Japan in the Free World Economy: A Statement on National Policy by the Research and Policy Committee of the Committee for Economic Development

By Keizai Doyukai; United Nations Environment Programme | Go to book overview

in liberalizing towards each other. Great Britain had a political interest in a liberal and preferential policy towards Commonwealth countries, some of which were in direct competition with Japan. The United States was the champion of the Western political interest in equal treatment of Japan, but this was not sufficient.

Discrimination against Japan's exports was "legal".

Although the General Agreement on Tariffs and Trade provided that members would follow non-discriminatory economic policies toward each other, it also contained a provision, Article XXXV, which permitted discrimination against countries that were not initially members even if they subsequently became members. Japan did not become a full member until 1955, and, even after she joined, other countries were legally entitled, as far as the GATT was concerned, to continue discrimination against her.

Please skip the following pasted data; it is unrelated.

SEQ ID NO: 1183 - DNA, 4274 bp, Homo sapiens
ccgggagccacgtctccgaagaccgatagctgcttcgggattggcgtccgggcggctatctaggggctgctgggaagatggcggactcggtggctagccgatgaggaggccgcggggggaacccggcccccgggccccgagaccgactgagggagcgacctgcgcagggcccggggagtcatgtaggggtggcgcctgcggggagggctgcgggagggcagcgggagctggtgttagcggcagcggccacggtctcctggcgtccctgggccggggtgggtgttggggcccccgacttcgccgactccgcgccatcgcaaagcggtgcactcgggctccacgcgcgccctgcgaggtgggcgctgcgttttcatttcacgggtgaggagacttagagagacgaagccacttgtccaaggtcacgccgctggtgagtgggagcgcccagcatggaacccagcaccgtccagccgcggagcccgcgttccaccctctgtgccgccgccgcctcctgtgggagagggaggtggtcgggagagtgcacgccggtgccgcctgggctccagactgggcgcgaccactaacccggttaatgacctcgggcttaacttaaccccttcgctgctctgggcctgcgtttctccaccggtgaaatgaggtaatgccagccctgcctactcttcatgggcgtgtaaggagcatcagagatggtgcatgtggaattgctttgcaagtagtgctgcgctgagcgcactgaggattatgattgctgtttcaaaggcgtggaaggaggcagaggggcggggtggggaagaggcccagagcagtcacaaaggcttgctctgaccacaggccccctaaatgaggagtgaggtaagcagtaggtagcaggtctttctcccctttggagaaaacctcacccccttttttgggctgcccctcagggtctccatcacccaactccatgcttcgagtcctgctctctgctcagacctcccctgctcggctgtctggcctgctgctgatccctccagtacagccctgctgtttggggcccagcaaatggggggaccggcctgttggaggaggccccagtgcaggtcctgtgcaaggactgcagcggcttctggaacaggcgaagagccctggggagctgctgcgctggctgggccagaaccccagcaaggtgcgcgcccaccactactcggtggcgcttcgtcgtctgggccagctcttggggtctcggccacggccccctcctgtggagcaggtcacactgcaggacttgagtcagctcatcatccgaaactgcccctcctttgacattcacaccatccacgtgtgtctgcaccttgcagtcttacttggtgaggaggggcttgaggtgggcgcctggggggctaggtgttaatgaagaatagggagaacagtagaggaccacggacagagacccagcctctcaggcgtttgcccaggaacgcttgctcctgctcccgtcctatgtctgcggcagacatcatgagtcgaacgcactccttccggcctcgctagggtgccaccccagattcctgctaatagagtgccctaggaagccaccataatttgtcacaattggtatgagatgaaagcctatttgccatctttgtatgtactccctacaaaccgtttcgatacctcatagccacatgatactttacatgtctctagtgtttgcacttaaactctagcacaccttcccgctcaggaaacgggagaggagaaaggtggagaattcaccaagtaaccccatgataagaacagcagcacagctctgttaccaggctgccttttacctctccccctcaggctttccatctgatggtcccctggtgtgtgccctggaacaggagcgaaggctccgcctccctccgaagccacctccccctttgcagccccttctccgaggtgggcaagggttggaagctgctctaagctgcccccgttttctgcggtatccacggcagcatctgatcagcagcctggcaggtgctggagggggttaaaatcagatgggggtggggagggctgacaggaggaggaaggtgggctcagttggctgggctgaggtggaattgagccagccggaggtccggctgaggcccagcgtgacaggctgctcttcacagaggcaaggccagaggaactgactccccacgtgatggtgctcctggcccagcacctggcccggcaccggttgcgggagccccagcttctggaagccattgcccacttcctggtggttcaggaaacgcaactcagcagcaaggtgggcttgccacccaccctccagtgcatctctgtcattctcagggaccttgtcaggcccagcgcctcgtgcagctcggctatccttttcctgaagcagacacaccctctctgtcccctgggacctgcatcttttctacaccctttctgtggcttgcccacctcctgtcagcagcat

Some of the European and American industries to which imports from Japan offered the most competition were industries, such as cotton textiles and pottery, already in trouble.

Their domestic markets were not growing rapidly, they faced severe domestic competition from substitute materials and their productivity was rising relatively slowly. A rapid expansion of imports concentrated in such industries might have forced more difficult adjustments than if the imports had been of a different character. Probably the adjustment would have been beneficial to the importing country in the end, but there was a natural desire to postpone it.

Japan's low wage rates were often interpreted as a reason for exceptional fear of Japanese imports, and, therefore, for special resriction of them.

Japan was not always, for reasons listed below, prepared to offer substantial concessions in exchange for liberalization by others.

1. Throughout the postwar period, Japan has felt her balance of payments position to be precarious.

Japan's industrial production is critically dependent on imported raw materials, and her growth depends upon ability to pay for an in-

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